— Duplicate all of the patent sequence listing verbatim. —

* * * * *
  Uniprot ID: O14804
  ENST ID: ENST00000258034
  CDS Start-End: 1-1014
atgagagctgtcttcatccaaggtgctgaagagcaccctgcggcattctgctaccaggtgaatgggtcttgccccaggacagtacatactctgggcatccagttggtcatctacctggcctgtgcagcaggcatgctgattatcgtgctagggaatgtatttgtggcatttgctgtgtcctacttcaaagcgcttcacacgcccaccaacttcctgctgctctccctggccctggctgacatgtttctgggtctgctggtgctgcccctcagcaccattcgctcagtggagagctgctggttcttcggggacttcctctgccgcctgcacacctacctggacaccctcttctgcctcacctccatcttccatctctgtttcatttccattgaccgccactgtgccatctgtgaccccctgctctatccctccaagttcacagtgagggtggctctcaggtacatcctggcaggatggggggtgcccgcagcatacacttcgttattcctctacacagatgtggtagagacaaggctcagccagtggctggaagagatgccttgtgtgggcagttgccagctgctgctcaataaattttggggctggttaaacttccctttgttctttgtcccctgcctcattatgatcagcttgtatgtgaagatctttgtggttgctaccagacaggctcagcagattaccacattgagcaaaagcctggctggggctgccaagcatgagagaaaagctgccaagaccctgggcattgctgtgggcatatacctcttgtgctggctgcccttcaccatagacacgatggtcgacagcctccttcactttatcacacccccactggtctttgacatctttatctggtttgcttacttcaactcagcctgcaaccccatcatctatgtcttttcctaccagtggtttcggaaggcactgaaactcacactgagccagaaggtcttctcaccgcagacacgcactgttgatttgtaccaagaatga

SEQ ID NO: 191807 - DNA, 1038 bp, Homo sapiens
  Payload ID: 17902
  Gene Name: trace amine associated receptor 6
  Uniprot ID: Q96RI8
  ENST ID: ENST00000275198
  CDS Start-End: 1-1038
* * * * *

  Uniprot ID: O14804
  ENST ID: ENST00000258034
  CDS Start-End: 1-1014
atgagagctgtcttcatccaaggtgctgaagagcaccctgcggcattctgctaccaggtgaatgggtcttgccccaggacagtacatactctgggcatccagttggtcatctacctggcctgtgcagcaggcatgctgattatcgtgctagggaatgtatttgtggcatttgctgtgtcctacttcaaagcgcttcacacgcccaccaacttcctgctgctctccctggccctggctgacatgtttctgggtctgctggtgctgcccctcagcaccattcgctcagtggagagctgctggttcttcggggacttcctctgccgcctgcacacctacctggacaccctcttctgcctcacctccatcttccatctctgtttcatttccattgaccgccactgtgccatctgtgaccccctgctctatccctccaagttcacagtgagggtggctctcaggtacatcctggcaggatggggggtgcccgcagcatacacttcgttattcctctacacagatgtggtagagacaaggctcagccagtggctggaagagatgccttgtgtgggcagttgccagctgctgctcaataaattttggggctggttaaacttccctttgttctttgtcccctgcctcattatgatcagcttgtatgtgaagatctttgtggttgctaccagacaggctcagcagattaccacattgagcaaaagcctggctggggctgccaagcatgagagaaaagctgccaagaccctgggcattgctgtgggcatatacctcttgtgctggctgcccttcaccatagacacgatggtcgacagcctccttcactttatcacacccccactggtctttgacatctttatctggtttgcttacttcaactcagcctgcaaccccatcatctatgtcttttcctaccagtggtttcggaaggcactgaaactcacactgagccagaaggtcttctcaccgcagacacgcactgttgatttgtaccaagaatga

SEQ ID NO: 191807 - DNA, 1038 bp, Homo sapiens
  Payload ID: 17902
  Gene Name: trace amine associated receptor 6
  Uniprot ID: Q96RI8
  ENST ID: ENST00000275198
  CDS Start-End: 1-1038